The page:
View single post by mwiz64
 Posted: Mon Mar 4th, 2013 06:16 pm
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Joined: Mon Mar 26th, 2012
Location: Fenton, Michigan USA
Posts: 1330
So the other day, I'm talking to my wife about my model trains and I'm telling her how I have to build these locomotives from brass kits and how I have to learn how to work with brass first and how I have to learn to solder properly first and how I have to hand lay track in an unusual gauge and how I have a long way to go before I'll have any sort of layout and she says, "why are you doing it like that?" "Don't you want to have some trains to play with now?" "Nah", says I. "I want to build these WDLR trains. You don't see many models of those." Then she says, "whatever, but I'd want some trains to play with first."

Humm...... Then the wheels in my head begin to turn and I remember how I'm always saying that I like to start off simple because it's the best way for me have some success early on and to keep my interest. How could I have forgotten that so soon after the Brookville kitbash success? It's a common pitfall for me. Once I get going a little bit I promptly go out and bite off more than I can chew. One good look at the Wrightlines Baldwin 4-6-0T kit told me that I had bitten off WAY more than I can chew. At least at this point in my model railroading career.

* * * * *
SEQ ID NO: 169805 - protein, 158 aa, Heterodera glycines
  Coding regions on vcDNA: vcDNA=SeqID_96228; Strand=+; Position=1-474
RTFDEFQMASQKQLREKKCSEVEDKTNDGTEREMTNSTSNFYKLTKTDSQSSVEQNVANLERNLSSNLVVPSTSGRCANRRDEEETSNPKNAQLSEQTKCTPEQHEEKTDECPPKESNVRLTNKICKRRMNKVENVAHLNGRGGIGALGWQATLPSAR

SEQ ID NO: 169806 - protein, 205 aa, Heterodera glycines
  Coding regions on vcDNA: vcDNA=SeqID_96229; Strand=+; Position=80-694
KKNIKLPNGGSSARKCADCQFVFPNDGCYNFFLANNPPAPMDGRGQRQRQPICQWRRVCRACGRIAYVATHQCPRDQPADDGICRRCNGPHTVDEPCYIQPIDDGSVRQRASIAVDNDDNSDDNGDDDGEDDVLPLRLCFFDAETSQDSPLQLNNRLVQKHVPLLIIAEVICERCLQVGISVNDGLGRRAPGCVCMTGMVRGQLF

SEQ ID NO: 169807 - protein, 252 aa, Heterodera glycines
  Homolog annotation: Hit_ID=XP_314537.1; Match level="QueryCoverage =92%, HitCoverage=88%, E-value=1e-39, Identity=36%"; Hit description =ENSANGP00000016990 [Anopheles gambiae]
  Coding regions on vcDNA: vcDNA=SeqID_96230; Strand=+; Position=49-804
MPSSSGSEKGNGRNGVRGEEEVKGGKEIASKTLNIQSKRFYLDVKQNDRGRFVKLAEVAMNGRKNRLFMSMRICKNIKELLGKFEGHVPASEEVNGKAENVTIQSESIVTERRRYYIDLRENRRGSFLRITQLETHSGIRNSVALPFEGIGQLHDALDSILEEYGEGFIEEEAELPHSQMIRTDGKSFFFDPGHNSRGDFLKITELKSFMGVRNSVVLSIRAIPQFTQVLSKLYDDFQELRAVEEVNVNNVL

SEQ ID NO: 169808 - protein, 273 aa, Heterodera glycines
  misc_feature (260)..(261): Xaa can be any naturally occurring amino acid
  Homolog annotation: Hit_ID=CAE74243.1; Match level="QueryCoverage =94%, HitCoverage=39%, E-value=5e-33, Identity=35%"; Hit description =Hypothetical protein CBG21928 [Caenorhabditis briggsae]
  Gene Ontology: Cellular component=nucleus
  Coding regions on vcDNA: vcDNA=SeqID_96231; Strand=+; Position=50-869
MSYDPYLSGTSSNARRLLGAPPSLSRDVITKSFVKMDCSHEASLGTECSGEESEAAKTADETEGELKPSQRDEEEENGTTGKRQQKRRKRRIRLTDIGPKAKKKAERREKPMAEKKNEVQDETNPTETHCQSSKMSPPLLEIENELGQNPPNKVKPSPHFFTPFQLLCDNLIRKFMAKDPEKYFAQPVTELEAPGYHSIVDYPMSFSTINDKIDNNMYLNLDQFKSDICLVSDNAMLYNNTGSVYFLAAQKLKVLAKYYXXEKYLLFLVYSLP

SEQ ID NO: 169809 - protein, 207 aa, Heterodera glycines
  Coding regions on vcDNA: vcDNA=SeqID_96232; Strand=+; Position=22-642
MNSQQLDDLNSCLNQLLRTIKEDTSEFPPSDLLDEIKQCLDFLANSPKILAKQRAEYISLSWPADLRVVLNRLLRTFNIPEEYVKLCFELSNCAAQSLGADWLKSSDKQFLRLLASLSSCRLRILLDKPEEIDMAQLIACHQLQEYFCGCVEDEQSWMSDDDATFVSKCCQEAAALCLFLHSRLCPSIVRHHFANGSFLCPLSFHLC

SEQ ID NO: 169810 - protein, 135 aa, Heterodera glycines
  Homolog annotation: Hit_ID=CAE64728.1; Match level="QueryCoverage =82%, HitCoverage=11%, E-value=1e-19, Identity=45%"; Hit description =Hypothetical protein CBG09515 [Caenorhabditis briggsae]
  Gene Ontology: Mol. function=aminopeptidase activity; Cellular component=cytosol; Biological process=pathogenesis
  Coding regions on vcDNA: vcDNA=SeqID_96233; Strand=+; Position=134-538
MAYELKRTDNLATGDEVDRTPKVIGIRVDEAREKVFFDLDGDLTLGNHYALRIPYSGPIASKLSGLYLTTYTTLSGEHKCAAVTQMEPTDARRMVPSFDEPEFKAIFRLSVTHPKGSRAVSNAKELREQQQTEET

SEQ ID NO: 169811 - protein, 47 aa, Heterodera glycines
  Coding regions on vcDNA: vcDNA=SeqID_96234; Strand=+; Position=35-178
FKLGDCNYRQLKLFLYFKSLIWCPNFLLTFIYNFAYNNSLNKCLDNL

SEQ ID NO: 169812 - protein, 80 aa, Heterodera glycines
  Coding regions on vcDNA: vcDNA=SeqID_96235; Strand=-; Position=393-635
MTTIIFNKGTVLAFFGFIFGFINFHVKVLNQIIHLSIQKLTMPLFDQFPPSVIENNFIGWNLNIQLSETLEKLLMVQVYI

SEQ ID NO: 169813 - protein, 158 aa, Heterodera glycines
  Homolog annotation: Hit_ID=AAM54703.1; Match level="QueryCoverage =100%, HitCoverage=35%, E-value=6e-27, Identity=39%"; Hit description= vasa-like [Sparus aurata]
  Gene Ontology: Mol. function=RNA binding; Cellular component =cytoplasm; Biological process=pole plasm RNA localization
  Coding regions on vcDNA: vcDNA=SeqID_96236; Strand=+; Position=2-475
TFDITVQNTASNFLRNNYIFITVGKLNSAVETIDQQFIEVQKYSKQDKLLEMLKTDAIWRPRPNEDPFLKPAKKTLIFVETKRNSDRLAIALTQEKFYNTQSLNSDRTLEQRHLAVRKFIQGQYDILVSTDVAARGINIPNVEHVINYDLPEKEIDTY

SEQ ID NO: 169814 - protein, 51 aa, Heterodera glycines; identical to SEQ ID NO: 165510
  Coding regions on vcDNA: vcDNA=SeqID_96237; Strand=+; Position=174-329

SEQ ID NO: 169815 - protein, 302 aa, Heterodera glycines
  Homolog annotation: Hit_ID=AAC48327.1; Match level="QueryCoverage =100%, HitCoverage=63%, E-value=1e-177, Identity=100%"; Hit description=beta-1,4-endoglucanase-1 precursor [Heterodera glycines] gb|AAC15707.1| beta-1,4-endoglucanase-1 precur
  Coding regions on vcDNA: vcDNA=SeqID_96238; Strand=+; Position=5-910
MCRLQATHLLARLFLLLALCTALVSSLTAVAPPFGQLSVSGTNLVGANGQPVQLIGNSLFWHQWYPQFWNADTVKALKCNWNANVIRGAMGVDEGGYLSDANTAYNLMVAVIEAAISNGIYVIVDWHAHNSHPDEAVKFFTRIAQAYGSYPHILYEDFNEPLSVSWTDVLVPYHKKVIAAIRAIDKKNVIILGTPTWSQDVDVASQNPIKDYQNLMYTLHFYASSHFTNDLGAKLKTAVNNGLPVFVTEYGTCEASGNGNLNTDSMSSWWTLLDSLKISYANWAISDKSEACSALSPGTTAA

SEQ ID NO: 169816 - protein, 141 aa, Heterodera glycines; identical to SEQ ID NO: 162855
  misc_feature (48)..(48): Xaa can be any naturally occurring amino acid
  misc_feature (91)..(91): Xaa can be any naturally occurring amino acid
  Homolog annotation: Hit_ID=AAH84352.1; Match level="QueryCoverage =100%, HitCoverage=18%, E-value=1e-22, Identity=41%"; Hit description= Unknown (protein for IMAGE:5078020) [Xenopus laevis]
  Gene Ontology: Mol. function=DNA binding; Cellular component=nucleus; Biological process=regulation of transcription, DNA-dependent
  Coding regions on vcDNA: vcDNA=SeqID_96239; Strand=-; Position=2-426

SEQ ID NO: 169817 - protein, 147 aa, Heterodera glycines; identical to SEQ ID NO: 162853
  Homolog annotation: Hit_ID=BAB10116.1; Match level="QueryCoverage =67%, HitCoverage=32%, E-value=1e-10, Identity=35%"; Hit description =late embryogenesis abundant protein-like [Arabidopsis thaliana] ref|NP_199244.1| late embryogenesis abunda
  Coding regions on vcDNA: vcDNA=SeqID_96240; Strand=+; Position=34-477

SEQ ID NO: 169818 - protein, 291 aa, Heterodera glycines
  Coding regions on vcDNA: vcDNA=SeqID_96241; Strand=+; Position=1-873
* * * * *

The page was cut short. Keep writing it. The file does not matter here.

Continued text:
With that it mind, I'm going back to 1:35n2. That's fairly simple. I'm going to make some fun little loco conversions of Bachmann On30 locos. They won't have to look specifically like anything that ever actually existed so long as they look somewhat believable. I'm going to lay flex track and use commercial turnouts, I'm going to use commercially available DCC and I'm gonna have me A LAYOUT sooner than later. After that or maybe even a little along the way, I'll make the O14 WDLR locos and eventually that dream layout of France during WWI.

See, that's what good wives are for. They keep you grounded when you need it the most.

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